Merck Manual

Please confirm that you are not located inside the Russian Federation

Loading

Hyperaldosteronism

By

Ashley B. Grossman

, MD, University of Oxford; Fellow, Green-Templeton College

Last full review/revision Aug 2019| Content last modified Aug 2019
Click here for the Professional Version
GET THE QUICK FACTS
NOTE: This is the Consumer Version. DOCTORS: Click here for the Professional Version
Click here for the Professional Version

In hyperaldosteronism, overproduction of aldosterone leads to fluid retention and increased blood pressure, weakness, and, rarely, periods of paralysis.

  • Hyperaldosteronism can be caused by a tumor in the adrenal gland or may be a response to some diseases.

  • High aldosterone levels can cause high blood pressure and low potassium levels. Low potassium levels may cause weakness, tingling, muscle spasms, and periods of temporary paralysis.

  • Doctors measure the levels of sodium, potassium, and aldosterone in the blood.

  • Sometimes, a tumor is removed, or people take drugs that block the action of aldosterone.

Aldosterone, a hormone produced and secreted by the adrenal glands, signals the kidneys to retain more sodium and excrete more potassium. Aldosterone production is regulated partly by the hormone corticotropin (secreted by the pituitary gland) but mainly through the renin-angiotensin-aldosterone system (see figure Regulating Blood Pressure). Renin, an enzyme produced in the kidneys, controls the activation of the hormone angiotensin, which stimulates the adrenal glands to produce aldosterone.

Hyperaldosteronism can be caused by a tumor (usually a noncancerous adenoma) in the adrenal gland (a condition called Conn syndrome or primary hyperaldosteronism), although sometimes both glands are involved and are overactive. Sometimes hyperaldosteronism is a response to something else (a condition called secondary hyperaldosteronism), for example, certain diseases, such as narrowing of one of the arteries to the kidneys.

Eating large amounts of real licorice can cause all the symptoms of hyperaldosteronism. Real licorice contains a chemical that can act as though there is too much aldosterone. However, most candy sold as "licorice" contains little or no real licorice.

Symptoms

High aldosterone levels can lead to low potassium levels. Low potassium levels often cause no symptoms but may lead to weakness, tingling, muscle spasms, and periods of temporary paralysis. Some people become extremely thirsty and urinate frequently.

Diagnosis

  • Measurement of sodium, potassium, and hormone levels in the blood

  • Imaging tests of the adrenal glands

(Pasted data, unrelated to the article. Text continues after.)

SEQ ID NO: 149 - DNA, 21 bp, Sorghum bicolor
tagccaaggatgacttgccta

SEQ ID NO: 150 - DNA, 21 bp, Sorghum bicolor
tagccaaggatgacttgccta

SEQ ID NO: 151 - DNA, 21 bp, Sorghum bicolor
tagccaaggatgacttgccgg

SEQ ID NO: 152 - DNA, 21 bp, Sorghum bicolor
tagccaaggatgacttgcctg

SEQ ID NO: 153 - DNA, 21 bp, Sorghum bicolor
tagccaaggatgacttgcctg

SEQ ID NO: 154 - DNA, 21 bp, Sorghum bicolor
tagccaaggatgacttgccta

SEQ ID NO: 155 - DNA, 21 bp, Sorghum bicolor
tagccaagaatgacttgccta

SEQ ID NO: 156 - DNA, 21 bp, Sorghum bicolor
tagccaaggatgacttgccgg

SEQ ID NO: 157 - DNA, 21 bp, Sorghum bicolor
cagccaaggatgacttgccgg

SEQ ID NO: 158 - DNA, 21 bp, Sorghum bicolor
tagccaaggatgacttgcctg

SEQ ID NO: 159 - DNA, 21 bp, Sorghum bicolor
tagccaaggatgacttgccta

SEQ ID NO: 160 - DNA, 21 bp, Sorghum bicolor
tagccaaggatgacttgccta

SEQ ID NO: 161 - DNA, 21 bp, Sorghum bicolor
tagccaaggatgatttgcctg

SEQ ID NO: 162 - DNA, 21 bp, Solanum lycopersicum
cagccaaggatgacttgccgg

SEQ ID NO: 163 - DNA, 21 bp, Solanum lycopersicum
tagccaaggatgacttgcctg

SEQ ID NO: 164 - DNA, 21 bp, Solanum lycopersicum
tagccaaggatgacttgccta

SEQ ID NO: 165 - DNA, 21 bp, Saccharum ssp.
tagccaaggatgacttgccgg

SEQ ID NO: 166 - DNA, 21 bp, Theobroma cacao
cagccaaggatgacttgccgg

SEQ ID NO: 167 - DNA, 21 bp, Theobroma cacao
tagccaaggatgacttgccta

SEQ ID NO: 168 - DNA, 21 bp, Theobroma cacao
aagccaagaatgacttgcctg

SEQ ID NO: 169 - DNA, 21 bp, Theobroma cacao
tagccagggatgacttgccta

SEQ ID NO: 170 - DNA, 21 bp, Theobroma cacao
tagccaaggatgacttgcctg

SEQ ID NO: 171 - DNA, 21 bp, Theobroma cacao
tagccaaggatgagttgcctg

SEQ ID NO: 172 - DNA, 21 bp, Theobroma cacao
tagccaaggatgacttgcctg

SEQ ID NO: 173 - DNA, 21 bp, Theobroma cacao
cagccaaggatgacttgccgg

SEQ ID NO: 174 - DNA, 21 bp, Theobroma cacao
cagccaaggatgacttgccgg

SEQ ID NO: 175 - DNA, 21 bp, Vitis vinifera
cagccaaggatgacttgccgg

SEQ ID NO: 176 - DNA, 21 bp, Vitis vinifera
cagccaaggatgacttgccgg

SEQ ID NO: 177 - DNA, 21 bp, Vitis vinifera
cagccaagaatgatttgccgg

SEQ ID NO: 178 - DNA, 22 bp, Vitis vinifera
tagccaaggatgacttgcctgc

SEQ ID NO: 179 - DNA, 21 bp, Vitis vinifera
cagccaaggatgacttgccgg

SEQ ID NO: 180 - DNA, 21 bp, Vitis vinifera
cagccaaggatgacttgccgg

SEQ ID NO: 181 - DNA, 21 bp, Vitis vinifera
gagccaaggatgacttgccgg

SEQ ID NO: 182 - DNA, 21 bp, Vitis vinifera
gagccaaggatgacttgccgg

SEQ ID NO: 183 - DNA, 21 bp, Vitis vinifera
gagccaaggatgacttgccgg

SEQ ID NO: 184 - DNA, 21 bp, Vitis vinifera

Doctors who suspect hyperaldosteronism first test the levels of sodium and potassium in the blood to see if the potassium level is low. However, sometimes people with hyperaldosteronism have a normal potassium level.

Doctors also measure renin and aldosterone levels. If the aldosterone level is high, spironolactone or eplerenone, drugs that block the action of aldosterone, may be given to see if the levels of sodium and potassium return to normal. Doctors also measure the levels of renin. In Conn syndrome, the levels of renin are also very low, but in secondary hyperaldosteronism, the levels of renin are high.

When too much aldosterone is being produced, doctors examine the adrenal glands for a noncancerous tumor (adenoma). Computed tomography (CT) or magnetic resonance imaging (MRI) can be helpful, but sometimes blood samples from each of the adrenal glands must be tested to determine the source of the hormone.

Treatment

  • For tumors of the adrenal glands, removal of the tumor

  • Sometimes aldosterone-blocking drugs

If a tumor is found, it can usually be surgically removed. When the tumor is removed, blood pressure returns to normal, and other symptoms disappear about 50 to 70% of the time.

If no tumor is found and both glands are overactive, partial removal of the adrenal glands may not control high blood pressure, and complete removal will cause Addison disease, requiring treatment with corticosteroids for life. However, spironolactone or eplerenone can usually control the symptoms, and drugs for high blood pressure are readily available (see table Antihypertensive Drugs). Spironolactone can often cause breast enlargement (gynecomastia), decreased sex drive, and erectile dysfunction in men by blocking the effects of testosterone.

Rarely do both adrenal glands have to be removed.

Drugs Mentioned In This Article

Generic Name Select Brand Names
ALDACTONE
INSPRA
NOTE: This is the Consumer Version. DOCTORS: Click here for the Professional Version
Click here for the Professional Version
Others also read

Also of Interest

Videos

View All
Thyroid Disease
Video
Thyroid Disease
The thyroid is one of several glands in the endocrine system. It is a butterfly-shaped gland...
3D Models
View All
Male Endocrine System
3D Model
Male Endocrine System

SOCIAL MEDIA

TOP